The Northeast of Brazil has a semi-arid climate and regularly suffers from droughts. It is one of the poorest and less developed regions and contains 9 of the 27 states of the federation. Fifty-four per cent of the population live in poverty.20 In 1999, the infant mortality rate and the illiteracy rate among people ≥15 years old was estimated as 53.0 per 1000 live births and 26.6%, respectively, whereas in the South of Brazil these indicators were 20.7 per 1000 and 7.8%, respectively. The Northeast is further characterized by important social and economic inequalities. While 50% of the population earns only 15.7% of the total income of the region, the share of the richest 1% is 16%.17

Ceará is located in the centre of the Northeast and is one of the three states of the region that shows the highest level of income inequality.17,21 It has a population of around 7.5 million. Only 3.7% of the population earn more than US$450 per month. About 28% of people >15 years old are illiterate. As to general poverty it ranks third in the Northeast.17

Data sources

Social and economic data were obtained from the 1991 Brazilian census. Due to the long incubation period of leprosy, we decided to use these data as it is conceivable that variables from the recent past reflect risk factors for the transmission of M. leprae much better than current ones.

In 1991 the state of Ceará had 178 municipalities, of these 165 were included in the study. Thirteen municipalities did not report a single leprosy case during the study period. We decided to exclude these municipalities from the analysis because we strongly suspected that an incidence rate of zero was highly unlikely. The assumption that these municipalities simply forgot to report leprosy patients is supported by the fact that they notoriously failed to report data on other infectious diseases as well.

Variables included in this study were:

  • Socioeconomic: the degree of income inequality (defined as the degree of inequality in income distribution as measured by the Theil's L index—it can vary from 0 to 1, nearest to 1 indicating the greatest the level of inequality),22 and the percentage of the heads of the household with a monthly income of less than half of the official minimum wage in 1991.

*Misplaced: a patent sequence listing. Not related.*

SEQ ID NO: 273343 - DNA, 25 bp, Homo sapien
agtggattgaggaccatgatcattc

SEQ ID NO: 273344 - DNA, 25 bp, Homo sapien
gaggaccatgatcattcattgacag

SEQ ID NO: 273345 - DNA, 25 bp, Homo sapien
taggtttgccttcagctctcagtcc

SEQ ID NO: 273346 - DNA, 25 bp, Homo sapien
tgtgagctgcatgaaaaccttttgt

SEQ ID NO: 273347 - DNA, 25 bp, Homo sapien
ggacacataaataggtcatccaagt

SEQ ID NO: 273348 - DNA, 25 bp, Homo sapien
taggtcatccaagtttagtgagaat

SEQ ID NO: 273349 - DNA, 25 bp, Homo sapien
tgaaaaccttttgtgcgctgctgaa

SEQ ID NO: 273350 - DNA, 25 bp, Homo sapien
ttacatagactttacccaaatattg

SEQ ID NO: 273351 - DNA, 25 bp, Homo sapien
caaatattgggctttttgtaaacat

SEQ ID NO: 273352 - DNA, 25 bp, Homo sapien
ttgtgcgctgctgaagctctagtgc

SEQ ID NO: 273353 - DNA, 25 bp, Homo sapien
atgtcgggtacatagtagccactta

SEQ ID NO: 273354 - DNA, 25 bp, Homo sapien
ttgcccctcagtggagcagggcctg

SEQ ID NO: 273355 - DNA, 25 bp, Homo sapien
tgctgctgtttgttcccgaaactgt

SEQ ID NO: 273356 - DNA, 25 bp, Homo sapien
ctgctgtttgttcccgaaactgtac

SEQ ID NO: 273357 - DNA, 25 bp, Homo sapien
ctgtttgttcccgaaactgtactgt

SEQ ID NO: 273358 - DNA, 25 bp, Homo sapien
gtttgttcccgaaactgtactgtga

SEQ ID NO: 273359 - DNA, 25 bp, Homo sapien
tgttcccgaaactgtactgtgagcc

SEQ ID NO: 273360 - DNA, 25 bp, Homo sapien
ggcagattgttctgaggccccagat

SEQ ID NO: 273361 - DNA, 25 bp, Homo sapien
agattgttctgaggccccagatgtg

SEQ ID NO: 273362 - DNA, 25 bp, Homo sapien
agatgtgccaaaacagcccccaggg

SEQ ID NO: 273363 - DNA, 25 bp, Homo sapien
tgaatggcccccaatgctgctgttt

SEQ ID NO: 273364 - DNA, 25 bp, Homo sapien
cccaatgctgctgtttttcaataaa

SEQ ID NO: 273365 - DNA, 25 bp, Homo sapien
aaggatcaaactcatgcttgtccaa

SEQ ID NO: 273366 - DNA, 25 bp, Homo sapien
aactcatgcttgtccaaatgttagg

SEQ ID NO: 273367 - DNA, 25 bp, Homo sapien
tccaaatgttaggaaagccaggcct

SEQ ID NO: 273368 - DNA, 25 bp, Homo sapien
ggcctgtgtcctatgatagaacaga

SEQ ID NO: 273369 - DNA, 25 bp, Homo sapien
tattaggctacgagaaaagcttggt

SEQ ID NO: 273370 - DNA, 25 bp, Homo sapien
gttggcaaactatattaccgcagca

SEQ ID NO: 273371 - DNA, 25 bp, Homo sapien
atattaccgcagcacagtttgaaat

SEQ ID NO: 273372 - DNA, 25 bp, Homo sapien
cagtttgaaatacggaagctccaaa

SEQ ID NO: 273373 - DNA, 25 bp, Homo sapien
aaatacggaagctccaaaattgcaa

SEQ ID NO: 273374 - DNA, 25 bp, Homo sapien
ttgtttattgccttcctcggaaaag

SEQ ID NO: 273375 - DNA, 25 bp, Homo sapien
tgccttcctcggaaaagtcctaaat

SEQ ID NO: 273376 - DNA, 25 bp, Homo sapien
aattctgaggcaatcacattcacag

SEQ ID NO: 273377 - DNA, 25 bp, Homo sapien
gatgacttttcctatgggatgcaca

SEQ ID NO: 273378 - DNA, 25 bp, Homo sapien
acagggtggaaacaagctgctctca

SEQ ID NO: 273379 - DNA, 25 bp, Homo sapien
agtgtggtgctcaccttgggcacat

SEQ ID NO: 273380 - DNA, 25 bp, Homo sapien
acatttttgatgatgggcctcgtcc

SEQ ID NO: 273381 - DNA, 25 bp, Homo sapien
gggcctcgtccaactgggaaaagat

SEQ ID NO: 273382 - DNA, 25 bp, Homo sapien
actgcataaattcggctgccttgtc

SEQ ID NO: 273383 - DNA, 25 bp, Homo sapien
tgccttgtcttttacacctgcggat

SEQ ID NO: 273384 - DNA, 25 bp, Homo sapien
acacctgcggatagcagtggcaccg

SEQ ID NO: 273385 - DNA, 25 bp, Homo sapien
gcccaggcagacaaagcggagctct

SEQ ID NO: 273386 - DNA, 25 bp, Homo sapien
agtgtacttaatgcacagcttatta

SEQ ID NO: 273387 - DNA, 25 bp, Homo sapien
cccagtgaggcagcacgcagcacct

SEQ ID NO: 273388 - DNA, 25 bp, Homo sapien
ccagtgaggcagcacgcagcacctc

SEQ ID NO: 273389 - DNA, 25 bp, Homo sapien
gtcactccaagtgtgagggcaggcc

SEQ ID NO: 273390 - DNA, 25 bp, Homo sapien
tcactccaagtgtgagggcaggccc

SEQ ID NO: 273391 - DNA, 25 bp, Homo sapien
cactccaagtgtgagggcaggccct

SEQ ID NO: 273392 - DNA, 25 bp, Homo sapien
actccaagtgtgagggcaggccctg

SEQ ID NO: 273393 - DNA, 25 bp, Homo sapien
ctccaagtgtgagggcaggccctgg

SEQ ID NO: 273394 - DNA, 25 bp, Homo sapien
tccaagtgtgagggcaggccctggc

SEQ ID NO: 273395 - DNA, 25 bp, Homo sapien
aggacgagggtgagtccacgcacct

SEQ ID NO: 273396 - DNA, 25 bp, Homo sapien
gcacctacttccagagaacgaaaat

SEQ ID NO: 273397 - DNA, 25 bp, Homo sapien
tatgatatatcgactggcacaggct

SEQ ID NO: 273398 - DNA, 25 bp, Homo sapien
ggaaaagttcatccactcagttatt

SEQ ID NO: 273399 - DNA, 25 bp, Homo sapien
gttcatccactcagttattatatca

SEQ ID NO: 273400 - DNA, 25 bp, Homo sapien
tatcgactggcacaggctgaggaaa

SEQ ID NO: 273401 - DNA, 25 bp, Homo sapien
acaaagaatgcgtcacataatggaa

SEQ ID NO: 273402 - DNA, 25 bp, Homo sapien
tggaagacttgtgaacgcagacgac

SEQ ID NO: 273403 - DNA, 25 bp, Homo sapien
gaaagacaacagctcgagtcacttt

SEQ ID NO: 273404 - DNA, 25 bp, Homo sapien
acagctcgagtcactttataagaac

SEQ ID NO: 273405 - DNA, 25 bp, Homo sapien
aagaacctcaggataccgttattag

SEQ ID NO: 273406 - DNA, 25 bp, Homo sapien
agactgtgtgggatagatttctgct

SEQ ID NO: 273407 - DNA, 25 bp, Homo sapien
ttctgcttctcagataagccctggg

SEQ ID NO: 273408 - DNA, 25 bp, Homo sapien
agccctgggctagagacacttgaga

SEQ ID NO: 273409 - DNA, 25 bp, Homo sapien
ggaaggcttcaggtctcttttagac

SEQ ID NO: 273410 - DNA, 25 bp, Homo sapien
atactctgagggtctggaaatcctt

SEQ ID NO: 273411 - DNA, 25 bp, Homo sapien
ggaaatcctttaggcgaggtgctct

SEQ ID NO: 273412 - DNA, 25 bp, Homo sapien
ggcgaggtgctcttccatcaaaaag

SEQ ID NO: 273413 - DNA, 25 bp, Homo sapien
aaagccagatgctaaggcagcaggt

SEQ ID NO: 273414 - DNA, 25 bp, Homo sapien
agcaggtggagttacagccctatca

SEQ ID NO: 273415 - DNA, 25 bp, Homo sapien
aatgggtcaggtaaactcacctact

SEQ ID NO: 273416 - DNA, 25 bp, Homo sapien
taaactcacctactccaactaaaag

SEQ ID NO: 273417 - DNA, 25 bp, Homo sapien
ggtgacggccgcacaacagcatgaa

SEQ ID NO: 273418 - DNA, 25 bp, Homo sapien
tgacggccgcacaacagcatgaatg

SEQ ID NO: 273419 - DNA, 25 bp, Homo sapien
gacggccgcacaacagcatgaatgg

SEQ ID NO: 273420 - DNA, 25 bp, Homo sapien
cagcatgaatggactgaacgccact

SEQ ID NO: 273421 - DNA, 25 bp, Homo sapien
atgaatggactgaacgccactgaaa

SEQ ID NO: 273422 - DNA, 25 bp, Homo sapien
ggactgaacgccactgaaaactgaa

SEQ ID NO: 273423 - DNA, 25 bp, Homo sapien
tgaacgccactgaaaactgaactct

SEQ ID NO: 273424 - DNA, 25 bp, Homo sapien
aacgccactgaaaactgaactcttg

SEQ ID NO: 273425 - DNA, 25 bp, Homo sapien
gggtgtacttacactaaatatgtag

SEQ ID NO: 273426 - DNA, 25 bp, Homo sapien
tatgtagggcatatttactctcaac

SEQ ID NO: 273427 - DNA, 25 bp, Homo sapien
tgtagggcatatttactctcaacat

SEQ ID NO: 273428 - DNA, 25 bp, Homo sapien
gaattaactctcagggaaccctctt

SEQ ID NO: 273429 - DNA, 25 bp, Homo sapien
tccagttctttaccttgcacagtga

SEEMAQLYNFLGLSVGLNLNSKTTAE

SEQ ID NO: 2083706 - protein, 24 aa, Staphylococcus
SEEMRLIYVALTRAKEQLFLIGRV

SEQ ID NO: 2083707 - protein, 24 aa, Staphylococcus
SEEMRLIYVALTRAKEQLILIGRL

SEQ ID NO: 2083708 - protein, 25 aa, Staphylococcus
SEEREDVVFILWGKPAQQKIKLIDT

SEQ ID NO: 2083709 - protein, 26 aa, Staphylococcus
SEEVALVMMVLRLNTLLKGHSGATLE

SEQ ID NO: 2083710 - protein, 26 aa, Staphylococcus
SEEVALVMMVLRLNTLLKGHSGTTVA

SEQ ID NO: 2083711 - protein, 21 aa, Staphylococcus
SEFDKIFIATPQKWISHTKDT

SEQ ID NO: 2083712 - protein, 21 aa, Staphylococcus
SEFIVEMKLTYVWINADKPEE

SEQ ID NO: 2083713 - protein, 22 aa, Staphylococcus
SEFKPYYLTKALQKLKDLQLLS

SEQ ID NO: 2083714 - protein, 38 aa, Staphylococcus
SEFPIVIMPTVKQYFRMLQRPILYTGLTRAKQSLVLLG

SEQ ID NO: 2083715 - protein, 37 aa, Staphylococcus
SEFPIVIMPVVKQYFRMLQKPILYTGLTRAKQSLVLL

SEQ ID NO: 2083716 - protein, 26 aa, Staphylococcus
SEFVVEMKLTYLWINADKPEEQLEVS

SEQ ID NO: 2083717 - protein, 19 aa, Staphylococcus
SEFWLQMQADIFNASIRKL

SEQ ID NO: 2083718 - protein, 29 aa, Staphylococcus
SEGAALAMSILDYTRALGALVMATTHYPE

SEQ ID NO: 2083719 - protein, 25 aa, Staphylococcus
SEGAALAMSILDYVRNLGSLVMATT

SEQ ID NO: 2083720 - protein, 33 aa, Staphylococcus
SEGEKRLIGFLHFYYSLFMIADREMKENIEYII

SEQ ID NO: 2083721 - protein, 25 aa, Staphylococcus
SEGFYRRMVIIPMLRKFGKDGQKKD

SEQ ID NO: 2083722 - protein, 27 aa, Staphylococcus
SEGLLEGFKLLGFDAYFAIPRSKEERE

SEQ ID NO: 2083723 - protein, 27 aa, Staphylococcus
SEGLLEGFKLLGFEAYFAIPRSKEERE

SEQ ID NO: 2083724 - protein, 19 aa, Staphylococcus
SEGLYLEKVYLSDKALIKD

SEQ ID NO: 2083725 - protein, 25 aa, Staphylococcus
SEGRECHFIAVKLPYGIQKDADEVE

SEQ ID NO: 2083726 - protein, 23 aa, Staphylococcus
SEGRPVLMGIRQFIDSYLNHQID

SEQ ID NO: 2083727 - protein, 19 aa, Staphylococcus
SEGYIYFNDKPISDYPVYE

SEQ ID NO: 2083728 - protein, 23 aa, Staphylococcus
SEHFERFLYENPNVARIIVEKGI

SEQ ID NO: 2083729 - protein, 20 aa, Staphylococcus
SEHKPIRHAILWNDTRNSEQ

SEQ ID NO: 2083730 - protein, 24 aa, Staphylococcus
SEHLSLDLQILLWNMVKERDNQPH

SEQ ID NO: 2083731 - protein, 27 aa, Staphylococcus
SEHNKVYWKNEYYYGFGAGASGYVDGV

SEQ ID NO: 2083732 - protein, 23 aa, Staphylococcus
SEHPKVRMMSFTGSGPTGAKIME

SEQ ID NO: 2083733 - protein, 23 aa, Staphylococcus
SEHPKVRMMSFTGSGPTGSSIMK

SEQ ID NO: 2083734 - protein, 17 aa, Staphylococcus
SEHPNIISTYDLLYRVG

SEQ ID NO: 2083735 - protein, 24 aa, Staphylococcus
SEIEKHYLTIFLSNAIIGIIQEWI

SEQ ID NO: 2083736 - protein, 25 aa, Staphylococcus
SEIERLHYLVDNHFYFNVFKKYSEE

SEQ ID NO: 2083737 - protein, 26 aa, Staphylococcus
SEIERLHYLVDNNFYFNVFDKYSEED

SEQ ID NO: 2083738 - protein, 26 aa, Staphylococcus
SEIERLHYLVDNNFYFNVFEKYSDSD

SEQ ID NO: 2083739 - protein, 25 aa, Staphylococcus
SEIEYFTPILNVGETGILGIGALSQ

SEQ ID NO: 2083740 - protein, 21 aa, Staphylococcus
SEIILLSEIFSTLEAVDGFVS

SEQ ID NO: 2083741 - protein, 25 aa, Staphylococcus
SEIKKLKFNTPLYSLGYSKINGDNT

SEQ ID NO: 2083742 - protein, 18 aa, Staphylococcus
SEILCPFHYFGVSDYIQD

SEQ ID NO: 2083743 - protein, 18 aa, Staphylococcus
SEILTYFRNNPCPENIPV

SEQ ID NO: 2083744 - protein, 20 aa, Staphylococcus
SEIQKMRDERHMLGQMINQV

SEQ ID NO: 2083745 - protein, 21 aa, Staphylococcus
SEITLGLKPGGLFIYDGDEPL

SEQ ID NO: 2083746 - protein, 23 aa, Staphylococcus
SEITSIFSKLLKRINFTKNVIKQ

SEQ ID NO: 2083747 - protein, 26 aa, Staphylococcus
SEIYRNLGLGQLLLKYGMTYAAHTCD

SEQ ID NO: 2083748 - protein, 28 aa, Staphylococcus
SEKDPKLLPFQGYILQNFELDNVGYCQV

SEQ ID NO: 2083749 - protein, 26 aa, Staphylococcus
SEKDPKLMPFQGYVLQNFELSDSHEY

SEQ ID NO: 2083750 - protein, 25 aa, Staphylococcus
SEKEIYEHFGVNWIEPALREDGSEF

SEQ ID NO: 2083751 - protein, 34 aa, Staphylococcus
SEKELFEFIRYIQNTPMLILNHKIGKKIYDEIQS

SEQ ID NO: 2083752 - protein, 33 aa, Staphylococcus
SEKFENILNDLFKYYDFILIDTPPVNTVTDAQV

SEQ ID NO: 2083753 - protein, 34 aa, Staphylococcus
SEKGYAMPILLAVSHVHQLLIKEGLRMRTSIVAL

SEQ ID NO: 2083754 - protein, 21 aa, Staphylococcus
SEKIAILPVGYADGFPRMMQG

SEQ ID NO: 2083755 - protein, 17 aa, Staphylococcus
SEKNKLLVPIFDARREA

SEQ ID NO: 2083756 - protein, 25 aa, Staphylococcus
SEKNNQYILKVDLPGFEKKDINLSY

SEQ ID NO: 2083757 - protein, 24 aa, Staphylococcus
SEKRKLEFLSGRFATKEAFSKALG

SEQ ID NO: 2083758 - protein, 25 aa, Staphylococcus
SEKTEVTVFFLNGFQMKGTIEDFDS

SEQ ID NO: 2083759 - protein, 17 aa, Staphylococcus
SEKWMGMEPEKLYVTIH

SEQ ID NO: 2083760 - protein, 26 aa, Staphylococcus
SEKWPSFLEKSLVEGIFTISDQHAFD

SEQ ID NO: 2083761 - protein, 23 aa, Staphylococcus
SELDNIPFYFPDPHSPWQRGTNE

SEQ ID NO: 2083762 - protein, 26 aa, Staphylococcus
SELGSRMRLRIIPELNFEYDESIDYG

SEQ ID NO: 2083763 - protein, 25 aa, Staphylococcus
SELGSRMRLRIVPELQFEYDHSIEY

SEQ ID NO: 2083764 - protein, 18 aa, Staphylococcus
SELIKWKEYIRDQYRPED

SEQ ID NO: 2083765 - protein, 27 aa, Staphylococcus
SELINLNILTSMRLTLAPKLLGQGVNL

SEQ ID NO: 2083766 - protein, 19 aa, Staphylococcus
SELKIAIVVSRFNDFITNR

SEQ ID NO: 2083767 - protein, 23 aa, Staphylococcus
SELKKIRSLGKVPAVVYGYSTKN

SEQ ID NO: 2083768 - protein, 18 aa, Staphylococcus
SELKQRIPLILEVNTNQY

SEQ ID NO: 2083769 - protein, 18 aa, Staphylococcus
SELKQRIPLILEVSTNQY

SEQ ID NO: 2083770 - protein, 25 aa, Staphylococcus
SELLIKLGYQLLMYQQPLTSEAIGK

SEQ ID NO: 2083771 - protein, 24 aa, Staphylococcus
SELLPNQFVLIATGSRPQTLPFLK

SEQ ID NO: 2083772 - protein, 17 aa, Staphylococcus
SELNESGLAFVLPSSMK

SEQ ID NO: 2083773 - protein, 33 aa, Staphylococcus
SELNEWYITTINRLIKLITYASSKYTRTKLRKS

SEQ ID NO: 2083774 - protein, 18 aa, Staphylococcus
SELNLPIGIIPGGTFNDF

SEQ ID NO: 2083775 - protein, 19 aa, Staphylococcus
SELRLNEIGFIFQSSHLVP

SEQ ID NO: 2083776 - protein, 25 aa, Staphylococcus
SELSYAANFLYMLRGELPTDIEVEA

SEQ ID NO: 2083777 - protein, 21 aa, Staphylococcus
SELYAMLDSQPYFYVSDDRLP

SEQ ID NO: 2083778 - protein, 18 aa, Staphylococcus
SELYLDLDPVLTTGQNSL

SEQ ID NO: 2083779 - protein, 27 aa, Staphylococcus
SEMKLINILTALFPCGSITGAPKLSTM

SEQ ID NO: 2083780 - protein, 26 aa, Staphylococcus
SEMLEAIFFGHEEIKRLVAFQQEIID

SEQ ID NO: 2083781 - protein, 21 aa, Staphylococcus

• Education: mean years of study (schools and higher education) among the population >25 years and percentage of children 7–14 years old who did not go to school in 1991.

  • Sanitation: percentage of households with a public water supply in 1991.

  • Demography: the relative percentage of population growth of each municipality from 1991 to 1996; the percentage of households with a population density >2 people per room in 1991.

  • Meteorology: data on annual rainfall were obtained from the Fundaçáo Cearense de Metereologia (FUNCEME).

  • Health: Infant Mortality Rate in 1991; number of physicians per 1000 inhabitants in 1991; number of public health services per 1000 inhabitants in 1991.

We also investigated if the municipality had been linked to or was near to a railroad in 1991. This was chosen as an indicator of accessibility to the municipality, i.e. whether it was probable that people and merchandise could have moved in and out easily.

The dependent variable was the average incidence rate of leprosy from 1991 to 1999 and was extracted from the records of the Department of Health of Ceará State.23 The variable was calculated as follows. For each calendar year from 1991 to 1999 and for each municipality, the number of new leprosy cases and the mid-year population (interpolated by using a geometric growth equation using population data from the 1991 and 2000 census's) were used to calculate incidence rates. Thus, for each municipality, the average incidence rate over the 9 years was calculated by summing the number of new leprosy cases and dividing it by the sum of mid-year population estimates. We preferred to use the average incidence rates over yearly incidence rates in order to provide more stable rates. Besides, it was supposed that variances in the incidence of new cases within a municipality could arise due to operational factors, e.g. leprosy programme personnel left the municipality health department and were not replaced for a prolonged period, which in turn would have an impact on the annual detection rate. As incidence data were obtained from a state registry and under-reporting of cases from the municipality of the Ministry of Health cannot be excluded, true incidences might be higher than those used for statistical analysis. However, we assumed that the effect is similar for the 165 municipalities analysed.